Joint News Release from the Florida Attorney General’s Office
TALLAHASSEE, Fla. - Attorney General Bill McCollum, Chief Financial Officer Alex Sink and Insurance Commissioner Kevin McCarty today announced that Florida has reached a settlement with a large insurance carrier involved in a "pay-to-play" tactic used by Marsh & McLennan and other insurance brokers. American International Group Inc. (AIG) will pay $12.5 million to Florida and eight other states as well as the District of Columbia to resolve allegations that some of its insurance subsidiaries engaged in bid-rigging and price-fixing in the commercial insurance market. These actions purportedly caused Florida public entities and private organizations to pay higher premiums.
"We will continue to hold insurance companies accountable for the manner in which they treat their customers," said Attorney General McCollum. "I am pleased that we have been able to reach resolution for the affected policyholders in this set of circumstances, and I look forward to continuing this accountability for our state in the insurance industry."
AIG and several of its insurance subsidiaries allegedly conspired with Marsh and other brokers by submitting fake bids to create the illusion of a competitive bidding process in the excess casualty commercial insurance market. Investigators determined that despite the appearance of a fair bidding process, the broker had already decided which insurer would receive a particular policyholder's business. As part of the scheme, AIG paid the brokers "contingent commissions" which were not disclosed to policyholders and in return received other lucrative business.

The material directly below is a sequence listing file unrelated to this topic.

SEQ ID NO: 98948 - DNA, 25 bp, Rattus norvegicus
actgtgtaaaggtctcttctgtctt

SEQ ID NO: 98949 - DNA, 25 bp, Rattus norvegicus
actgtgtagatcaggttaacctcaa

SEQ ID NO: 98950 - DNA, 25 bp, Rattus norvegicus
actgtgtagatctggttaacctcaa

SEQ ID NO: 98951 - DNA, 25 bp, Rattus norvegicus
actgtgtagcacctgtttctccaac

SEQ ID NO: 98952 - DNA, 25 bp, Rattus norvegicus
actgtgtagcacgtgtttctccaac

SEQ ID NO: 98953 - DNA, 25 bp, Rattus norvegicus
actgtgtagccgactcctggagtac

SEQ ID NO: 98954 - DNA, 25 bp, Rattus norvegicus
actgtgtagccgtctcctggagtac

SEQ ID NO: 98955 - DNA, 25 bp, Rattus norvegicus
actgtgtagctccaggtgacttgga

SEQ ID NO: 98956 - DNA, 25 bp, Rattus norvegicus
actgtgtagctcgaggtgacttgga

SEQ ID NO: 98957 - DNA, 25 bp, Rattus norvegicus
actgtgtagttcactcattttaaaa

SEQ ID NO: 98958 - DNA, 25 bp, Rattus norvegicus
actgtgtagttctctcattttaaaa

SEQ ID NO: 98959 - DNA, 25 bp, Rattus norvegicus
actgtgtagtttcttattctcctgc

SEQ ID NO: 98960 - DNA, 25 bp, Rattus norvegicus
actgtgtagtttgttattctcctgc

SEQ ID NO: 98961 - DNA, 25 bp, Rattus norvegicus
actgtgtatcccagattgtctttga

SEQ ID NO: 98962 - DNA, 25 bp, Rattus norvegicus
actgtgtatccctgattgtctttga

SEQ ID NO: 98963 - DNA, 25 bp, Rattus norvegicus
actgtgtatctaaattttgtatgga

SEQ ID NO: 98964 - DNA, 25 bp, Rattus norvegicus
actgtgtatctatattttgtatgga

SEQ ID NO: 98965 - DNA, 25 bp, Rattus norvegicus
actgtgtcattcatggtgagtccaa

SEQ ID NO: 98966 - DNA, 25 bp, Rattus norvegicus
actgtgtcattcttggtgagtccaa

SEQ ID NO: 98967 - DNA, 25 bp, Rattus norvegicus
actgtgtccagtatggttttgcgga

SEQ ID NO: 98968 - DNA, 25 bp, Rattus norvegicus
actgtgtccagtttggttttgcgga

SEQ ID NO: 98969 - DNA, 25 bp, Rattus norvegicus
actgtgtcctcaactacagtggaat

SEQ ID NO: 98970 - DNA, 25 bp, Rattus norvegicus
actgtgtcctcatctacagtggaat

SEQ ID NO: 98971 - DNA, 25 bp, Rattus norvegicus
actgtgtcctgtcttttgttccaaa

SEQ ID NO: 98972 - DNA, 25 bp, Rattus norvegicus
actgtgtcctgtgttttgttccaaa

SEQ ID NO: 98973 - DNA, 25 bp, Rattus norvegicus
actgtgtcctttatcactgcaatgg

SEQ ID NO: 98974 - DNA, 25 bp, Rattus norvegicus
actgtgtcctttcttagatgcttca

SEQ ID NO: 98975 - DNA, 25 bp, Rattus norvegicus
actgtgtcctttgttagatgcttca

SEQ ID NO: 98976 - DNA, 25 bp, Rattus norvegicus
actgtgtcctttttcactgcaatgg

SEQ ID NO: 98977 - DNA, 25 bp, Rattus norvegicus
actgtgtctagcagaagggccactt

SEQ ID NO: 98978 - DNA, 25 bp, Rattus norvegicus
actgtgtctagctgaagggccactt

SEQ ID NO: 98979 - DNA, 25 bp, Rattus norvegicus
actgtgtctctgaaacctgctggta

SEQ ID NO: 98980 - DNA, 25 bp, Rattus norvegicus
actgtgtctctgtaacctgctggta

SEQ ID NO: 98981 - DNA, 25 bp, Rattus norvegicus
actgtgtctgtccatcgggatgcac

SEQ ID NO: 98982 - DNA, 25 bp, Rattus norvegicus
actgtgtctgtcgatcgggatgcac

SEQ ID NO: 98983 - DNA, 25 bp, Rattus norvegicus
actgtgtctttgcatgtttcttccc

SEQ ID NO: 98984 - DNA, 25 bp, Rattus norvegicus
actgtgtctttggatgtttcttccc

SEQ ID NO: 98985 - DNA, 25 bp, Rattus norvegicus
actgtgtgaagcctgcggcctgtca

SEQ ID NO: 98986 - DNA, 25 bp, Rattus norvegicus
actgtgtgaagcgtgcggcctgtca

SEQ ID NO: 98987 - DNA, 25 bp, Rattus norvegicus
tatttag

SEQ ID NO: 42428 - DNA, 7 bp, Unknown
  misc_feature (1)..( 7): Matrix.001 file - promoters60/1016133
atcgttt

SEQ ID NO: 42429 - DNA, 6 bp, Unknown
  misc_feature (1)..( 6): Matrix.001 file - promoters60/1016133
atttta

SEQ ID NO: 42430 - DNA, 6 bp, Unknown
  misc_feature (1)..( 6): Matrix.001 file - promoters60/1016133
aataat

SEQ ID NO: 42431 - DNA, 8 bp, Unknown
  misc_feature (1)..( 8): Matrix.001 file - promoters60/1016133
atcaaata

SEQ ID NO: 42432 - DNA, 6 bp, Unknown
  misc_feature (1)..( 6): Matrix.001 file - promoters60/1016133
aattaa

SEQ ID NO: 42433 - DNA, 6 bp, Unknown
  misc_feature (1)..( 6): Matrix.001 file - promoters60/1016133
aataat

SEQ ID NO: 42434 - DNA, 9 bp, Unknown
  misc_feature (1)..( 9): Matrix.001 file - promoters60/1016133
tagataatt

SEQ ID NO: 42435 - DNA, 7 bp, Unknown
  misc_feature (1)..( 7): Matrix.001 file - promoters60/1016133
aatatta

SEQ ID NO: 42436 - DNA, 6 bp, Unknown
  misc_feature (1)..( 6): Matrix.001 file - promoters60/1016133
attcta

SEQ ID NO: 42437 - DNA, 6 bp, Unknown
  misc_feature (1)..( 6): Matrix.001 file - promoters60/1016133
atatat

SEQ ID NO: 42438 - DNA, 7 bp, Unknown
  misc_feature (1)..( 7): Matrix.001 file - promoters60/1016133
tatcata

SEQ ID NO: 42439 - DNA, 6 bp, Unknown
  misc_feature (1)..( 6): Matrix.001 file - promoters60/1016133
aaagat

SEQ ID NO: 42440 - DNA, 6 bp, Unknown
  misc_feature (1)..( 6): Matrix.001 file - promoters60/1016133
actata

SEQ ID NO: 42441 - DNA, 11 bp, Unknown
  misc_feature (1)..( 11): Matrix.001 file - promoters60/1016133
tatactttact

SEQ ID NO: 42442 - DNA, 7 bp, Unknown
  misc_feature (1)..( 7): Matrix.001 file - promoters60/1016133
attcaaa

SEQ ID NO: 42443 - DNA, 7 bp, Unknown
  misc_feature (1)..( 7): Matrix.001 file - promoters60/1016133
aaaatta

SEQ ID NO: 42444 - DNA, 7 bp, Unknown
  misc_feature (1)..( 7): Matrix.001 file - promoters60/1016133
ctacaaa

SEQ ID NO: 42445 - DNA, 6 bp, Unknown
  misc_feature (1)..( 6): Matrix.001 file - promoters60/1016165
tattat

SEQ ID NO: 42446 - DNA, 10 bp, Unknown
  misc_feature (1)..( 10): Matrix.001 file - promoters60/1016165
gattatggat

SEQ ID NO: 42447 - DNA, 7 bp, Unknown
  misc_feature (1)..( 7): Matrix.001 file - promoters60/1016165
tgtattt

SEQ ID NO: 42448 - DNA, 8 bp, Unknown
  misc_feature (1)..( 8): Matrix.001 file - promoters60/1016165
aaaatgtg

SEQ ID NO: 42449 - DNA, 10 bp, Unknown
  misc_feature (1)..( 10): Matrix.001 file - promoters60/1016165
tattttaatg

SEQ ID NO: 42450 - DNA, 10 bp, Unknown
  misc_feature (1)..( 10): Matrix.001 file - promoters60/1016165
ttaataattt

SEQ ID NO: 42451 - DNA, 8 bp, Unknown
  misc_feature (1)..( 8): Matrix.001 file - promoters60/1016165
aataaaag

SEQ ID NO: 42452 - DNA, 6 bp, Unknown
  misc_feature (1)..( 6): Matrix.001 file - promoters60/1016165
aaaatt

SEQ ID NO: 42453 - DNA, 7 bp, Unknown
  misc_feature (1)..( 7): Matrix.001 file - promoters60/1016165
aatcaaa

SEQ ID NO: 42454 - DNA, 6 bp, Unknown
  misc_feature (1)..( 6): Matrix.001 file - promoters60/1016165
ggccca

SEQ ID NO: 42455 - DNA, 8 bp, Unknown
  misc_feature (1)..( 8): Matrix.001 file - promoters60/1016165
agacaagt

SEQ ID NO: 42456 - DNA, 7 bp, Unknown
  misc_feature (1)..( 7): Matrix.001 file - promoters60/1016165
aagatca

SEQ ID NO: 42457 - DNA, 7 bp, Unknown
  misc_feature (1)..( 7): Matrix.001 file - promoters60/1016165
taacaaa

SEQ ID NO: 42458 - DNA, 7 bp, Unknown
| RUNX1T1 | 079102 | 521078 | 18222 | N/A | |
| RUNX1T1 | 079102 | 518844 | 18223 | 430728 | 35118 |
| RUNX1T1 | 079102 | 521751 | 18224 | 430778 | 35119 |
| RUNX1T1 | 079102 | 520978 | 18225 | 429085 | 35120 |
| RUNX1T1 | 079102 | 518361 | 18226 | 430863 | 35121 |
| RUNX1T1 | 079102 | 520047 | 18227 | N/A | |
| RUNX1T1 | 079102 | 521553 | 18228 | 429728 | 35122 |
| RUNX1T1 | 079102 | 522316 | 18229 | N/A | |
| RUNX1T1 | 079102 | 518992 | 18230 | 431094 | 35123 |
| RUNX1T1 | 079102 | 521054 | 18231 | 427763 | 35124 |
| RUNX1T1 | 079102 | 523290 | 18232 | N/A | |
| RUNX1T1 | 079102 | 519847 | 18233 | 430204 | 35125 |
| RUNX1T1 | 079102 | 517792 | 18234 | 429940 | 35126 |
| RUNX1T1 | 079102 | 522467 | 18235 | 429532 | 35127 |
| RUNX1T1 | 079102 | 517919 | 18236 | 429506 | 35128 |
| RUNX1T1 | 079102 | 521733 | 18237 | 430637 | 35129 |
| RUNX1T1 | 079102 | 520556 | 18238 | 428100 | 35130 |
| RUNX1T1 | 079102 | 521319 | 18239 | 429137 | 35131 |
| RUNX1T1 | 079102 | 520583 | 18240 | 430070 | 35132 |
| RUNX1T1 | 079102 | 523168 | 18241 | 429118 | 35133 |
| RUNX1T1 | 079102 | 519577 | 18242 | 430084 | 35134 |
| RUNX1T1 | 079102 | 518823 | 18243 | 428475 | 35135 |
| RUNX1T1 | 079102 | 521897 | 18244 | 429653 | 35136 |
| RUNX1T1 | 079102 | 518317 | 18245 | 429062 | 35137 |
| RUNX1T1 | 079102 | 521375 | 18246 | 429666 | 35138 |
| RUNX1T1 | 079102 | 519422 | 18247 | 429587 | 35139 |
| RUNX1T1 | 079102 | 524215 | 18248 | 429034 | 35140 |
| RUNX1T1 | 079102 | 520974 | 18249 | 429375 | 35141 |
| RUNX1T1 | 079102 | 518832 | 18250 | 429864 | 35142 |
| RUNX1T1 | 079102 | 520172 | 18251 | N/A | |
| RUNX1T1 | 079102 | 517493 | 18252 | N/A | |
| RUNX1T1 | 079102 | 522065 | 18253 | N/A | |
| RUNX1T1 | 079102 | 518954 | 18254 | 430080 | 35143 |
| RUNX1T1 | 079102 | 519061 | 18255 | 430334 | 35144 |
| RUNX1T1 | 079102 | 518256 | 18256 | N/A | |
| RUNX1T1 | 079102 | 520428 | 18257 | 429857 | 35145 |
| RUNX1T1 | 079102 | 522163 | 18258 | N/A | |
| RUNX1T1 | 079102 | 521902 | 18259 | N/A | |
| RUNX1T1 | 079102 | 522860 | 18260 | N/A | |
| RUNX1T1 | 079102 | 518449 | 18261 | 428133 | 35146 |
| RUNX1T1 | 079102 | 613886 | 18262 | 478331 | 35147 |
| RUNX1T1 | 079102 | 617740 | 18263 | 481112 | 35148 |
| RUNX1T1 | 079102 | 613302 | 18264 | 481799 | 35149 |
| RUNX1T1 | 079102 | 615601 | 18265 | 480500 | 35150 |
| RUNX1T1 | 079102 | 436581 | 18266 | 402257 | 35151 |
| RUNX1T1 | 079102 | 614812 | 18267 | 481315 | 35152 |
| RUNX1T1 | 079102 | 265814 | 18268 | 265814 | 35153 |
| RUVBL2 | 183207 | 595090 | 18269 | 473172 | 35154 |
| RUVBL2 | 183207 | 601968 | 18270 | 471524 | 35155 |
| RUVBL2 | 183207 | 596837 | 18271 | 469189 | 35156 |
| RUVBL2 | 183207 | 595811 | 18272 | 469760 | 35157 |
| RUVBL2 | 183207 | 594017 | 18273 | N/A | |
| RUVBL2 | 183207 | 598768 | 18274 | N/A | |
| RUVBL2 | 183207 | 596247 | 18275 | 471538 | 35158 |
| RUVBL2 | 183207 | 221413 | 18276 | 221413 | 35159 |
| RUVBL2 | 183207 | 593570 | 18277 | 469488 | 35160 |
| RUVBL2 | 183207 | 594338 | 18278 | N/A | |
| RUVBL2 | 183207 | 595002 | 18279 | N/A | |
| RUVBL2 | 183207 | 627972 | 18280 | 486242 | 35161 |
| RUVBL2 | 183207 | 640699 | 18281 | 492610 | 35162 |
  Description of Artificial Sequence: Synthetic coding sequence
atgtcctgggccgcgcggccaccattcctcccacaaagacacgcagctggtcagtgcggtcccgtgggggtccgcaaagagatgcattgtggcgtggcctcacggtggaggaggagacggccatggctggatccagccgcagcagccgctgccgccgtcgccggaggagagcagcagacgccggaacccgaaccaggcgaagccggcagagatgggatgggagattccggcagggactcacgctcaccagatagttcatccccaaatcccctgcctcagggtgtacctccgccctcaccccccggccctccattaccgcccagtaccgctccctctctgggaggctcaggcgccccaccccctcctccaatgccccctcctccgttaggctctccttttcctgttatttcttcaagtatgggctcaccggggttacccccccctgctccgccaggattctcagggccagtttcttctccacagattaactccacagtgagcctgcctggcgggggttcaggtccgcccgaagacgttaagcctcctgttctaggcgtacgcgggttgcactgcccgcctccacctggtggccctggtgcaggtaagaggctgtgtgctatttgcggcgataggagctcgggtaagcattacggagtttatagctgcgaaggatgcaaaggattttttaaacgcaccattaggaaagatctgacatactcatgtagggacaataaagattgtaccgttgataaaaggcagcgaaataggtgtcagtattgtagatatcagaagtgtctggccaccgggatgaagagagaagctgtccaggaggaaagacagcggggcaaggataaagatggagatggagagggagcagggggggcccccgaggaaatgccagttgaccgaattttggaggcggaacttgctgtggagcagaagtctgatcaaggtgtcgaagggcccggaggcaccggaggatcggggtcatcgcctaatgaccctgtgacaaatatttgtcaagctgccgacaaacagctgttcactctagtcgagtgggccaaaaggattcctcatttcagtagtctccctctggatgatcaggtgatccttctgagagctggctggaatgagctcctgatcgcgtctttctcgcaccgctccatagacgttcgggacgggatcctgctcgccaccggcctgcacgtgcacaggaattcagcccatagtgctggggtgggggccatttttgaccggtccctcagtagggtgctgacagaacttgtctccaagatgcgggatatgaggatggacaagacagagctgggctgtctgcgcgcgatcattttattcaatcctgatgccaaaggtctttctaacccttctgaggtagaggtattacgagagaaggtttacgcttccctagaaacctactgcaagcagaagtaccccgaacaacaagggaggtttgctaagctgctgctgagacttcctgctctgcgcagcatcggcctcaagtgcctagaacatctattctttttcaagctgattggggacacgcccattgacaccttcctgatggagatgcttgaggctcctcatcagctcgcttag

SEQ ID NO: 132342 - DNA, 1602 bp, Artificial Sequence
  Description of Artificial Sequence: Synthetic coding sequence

The Florida Attorney General's Office, Department of Financial Services and Office of Insurance Regulation will receive approximately $3 million of the settlement which will fund a reimbursement pool for affected policyholders. The settlement funds will also repay the state agencies' investigative costs.
"It's wrong that governments and businesses paid inflated insurance rates because they were led to believe there was competition when there wasn't," said CFO Sink, who oversees the Department of Financial Services which served a lead role in the multi-state investigation along with the Attorney General's Office and the Office of Insurance Regulation. "I applaud today's settlement, because policyholders deserve to know exactly what they are paying for and that they are paying a fair price for it."
"Full disclosure in all insurance transactions is a must, and Florida consumers deserve nothing less," said Florida Insurance Commissioner Kevin McCarty. "My office is committed to protecting Floridians, and this settlement further demonstrates the progress Florida is making toward establishing a national standard for transparency in insurance transactions."
AIG has agreed to a consent decree and final judgment in Leon County Circuit Court which will provide comprehensive injunctive relief, including enhanced disclosure to consumers of the compensation AIG pays to insurance brokers. AIG will also be required to abide by those reforms and to fully disclose the nature and range of payments made to insurance brokers on specific lines of coverage in the prior year. Prior to the settlement, AIG provided reimbursement to a nationwide group of policyholders and adopted significant business reforms that govern its bidding and underwriting practices.
This settlement marks the fourth agreement Florida has reached with insurance carriers that were involved with Marsh's "pay-to-play" tactics. AIG has cooperated with the multi-state task force and will provide assistance to the states as they continue their investigation of insurance brokers and other insurers.
In addition to Florida and the District of Columbia, the following states participated in the investigation and settlement: Hawaii, Maryland, Massachusetts, Michigan, Oregon, Pennsylvania, Texas and West Virginia.